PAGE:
Sheet Film ID Device

Discussion in 'B&W: Film, Paper, Chemistry' started by John Oliver, May 9, 2005.

  1. John Oliver

    John Oliver Member

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    I am looking for an older device that is used to make permanent ID markings on the edges of sheet film. I think the way it works is that one inserts the undeveloped sheet film into the unit, dials in a numerical code (perhaps date and identification number), pushes a button which turns on an internal light source that exposes the chosen text onto the sheet film edge. The marking shows up on the film when it is developed. Jack Boucher of the Federal HABS/HAER project showed an image of this unit at the large format conference in Monterey last year. At the time he said such units were available on eBay but I can't remember what they were called. Does anyone recognize my description and know the name of such a device?

    Thanks, John
     
  2. hortense

    hortense Member

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    I have 6 Rightway 4 x 5 holders manufatured by Fidelity Manufaturing Co. that I purchase a several years ago for about $28 each (if my memory is correct). The have have very little use and are "like new". These are the ones that have little wheel that allows you set a number that will expose a number on the edge of the film. I would be willing to sell all of them for $60 each. The reason I am willing to sell them is because I I prefer my standar Fidelity Elite holders. The exposed numbers on these Rightway holder are not aways real clear. However, if you are interested, I sell them at half-price ($84) plus shipping).
     
  3. John Oliver

    John Oliver Member

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    No thankyou, I have 4x5 sheet film holders galore already.

    John
     
  4. Donald Qualls

    Donald Qualls Member

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    I don't know of a commercial device like what you describe (it sounds very much like a sheet film version of a 35 mm databack), but it should be relatively simple for someone with electronics skills to design and build. You need an LED segment or dot matrix display that can be put in contact with the emulsion surface of the film -- if wired right-reading, it'll produce an image the same orientation as the photographic image on the film; if mirrored, it will produce an image that reads correctly from the emulsion side. You need a very basic logic/memory system to accept and hold the data to be displayed, a duplicate display to show what you've entered, and a (presumably adjustable for exposure) momentary switch circuit to light the contact LED for a moment to expose the data onto the film sheet. If I were an electronic hobbyist, I could probably build such a system with components available from Radio Shack (or a store such as Radio Shack used to be) for $100 or so in components (including a computer-on-a-chip, most likely) and 4-10 hours of working time (plus software development, if a computer chip is used, but devices similar to this predate modern microcomputers by several years, using 74-series TTL logic circuits and slightly larger integrations). Built with versatility in mind, it could be used on the corner of any size sheet (or, for that matter, on photo paper -- one reason one might want to wire the contact display for mirror image and support variable exposure).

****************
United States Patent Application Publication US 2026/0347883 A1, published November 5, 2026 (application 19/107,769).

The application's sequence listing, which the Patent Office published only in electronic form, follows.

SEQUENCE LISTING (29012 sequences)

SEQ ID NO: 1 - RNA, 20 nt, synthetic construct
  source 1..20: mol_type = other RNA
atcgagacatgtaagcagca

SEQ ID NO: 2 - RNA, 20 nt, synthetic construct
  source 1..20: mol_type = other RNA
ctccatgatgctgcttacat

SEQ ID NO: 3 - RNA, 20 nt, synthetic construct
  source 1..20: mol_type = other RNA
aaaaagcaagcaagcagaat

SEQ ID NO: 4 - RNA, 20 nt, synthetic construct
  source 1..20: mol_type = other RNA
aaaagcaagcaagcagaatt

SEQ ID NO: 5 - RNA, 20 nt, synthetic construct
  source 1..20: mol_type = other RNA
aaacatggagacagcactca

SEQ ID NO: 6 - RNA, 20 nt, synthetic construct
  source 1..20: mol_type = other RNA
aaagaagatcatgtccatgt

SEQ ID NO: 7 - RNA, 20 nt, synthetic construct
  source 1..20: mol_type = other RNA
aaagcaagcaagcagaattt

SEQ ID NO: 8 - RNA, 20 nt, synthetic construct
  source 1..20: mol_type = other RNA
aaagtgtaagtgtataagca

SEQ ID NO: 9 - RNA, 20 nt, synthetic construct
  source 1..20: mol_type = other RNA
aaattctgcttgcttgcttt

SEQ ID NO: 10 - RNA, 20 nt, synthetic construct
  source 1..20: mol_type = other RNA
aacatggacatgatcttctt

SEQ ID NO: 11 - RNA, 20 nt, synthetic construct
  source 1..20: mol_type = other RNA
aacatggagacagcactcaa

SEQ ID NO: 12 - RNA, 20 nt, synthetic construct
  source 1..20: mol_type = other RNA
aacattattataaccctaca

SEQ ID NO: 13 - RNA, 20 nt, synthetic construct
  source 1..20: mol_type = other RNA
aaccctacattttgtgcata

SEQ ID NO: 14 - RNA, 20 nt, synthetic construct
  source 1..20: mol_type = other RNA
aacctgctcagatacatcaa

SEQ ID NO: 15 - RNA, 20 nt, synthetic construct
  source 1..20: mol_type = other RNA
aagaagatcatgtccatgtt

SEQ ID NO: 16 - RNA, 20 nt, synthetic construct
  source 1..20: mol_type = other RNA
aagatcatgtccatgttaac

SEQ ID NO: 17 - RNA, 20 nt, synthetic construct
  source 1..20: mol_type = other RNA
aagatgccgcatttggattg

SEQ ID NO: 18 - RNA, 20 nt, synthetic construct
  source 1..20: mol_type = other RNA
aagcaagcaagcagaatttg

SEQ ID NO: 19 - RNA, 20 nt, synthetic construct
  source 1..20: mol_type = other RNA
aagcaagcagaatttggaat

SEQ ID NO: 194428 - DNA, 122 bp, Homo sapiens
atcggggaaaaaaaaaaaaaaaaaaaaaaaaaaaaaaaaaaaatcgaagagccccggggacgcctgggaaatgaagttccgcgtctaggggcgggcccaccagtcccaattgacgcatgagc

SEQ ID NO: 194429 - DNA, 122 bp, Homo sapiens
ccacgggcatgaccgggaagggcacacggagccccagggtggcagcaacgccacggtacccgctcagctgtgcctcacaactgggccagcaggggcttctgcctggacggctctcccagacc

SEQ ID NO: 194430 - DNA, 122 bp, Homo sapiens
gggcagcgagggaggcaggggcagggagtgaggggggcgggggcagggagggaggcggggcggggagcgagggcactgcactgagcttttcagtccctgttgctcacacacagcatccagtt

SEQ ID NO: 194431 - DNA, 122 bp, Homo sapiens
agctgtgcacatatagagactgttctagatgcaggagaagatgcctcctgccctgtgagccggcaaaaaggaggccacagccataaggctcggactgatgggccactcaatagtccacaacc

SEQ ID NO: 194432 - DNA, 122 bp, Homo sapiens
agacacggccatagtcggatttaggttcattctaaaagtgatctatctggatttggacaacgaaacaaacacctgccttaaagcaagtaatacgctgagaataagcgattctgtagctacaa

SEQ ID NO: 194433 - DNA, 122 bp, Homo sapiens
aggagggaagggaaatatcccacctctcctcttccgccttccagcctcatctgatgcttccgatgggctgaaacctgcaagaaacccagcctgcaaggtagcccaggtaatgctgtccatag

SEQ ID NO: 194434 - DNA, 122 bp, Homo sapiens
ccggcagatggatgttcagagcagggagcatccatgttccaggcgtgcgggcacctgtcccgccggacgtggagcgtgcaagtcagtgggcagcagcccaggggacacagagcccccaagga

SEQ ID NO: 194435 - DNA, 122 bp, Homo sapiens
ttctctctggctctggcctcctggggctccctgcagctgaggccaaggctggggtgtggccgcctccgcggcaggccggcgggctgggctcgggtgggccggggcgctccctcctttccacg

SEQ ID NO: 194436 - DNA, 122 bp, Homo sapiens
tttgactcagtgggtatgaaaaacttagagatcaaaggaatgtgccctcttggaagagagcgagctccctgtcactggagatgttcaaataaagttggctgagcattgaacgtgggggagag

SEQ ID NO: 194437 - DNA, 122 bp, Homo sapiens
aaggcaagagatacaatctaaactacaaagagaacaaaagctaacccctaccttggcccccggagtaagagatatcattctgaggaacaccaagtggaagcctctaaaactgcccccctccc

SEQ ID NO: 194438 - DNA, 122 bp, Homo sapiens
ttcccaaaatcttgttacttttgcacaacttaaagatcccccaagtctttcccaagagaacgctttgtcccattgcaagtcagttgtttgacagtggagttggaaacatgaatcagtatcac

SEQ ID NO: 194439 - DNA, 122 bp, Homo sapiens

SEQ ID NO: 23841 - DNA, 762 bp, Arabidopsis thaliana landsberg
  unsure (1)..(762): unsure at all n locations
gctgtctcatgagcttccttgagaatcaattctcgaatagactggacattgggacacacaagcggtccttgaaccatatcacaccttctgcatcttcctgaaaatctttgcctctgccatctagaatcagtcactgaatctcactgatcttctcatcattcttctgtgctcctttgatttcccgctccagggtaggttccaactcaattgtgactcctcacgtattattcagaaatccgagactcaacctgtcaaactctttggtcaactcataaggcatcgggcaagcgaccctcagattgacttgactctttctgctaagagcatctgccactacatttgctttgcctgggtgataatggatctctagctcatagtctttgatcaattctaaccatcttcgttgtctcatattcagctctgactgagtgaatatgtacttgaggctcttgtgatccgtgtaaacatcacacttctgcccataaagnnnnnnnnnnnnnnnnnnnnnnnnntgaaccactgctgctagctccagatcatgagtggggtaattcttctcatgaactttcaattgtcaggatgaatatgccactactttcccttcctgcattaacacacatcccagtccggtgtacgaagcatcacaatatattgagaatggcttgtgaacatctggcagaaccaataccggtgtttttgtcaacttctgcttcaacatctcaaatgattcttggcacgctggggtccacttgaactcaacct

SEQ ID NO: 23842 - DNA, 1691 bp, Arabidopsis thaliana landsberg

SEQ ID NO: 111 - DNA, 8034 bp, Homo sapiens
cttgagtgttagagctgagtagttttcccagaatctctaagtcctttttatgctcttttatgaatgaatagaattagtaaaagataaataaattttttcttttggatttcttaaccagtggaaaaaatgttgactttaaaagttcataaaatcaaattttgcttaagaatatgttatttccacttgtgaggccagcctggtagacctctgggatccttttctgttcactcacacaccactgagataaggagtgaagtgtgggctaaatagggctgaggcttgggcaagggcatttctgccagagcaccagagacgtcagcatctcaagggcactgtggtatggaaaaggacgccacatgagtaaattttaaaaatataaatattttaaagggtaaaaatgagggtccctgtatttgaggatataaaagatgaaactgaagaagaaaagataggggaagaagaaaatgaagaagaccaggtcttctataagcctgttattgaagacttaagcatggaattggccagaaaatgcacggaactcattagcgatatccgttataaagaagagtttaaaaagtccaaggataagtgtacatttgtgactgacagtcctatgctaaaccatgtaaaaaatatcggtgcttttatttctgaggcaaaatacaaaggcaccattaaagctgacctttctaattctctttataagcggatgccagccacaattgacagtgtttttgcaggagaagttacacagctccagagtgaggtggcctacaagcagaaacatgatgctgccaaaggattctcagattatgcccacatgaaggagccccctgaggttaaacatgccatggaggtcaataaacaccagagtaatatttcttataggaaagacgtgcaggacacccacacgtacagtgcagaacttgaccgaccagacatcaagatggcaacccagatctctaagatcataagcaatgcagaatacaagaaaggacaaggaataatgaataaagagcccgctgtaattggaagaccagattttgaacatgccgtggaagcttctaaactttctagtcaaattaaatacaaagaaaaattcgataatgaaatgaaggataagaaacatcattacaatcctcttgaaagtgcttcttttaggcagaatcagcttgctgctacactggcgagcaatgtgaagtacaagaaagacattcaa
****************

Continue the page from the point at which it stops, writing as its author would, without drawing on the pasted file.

Alternately, it seems to me it might be possible to hack an existing databack to do this job -- if you get a camera with databack for a good price (perhaps one that's got a damaged shutter or lens mount), it might be cheaper, though removing the LED unit from the camera back and getting it to work in the right manner might take longer than building the device from scratch.
     
  5. TimVermont

    TimVermont Subscriber

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  6. John Oliver

    John Oliver Member

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    This is beyond my skill level and time budget. Thanks for the interesting input.
     
  7. John Oliver

    John Oliver Member

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    This is the modern version of what I am looking for - Thanks much! It is pricey at well over $300. I still would like to find the older version if possible. It's name still eludes me.
     
  8. John Cook

    John Cook Member

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    I have used a unit, in a studio in New England, which required a small piece of litho film, on which was photographed the photographer's information on one small line of type..

    These used to be advertised regularly in Photo District News, out of NYC.

    Here is a website for a similar device. It may, in fact, be the same company with a now highly over-engineered modern equivalent.

    It is called a Copywriter.

    http://www.rtsphoto.com/html/stratcpy2.html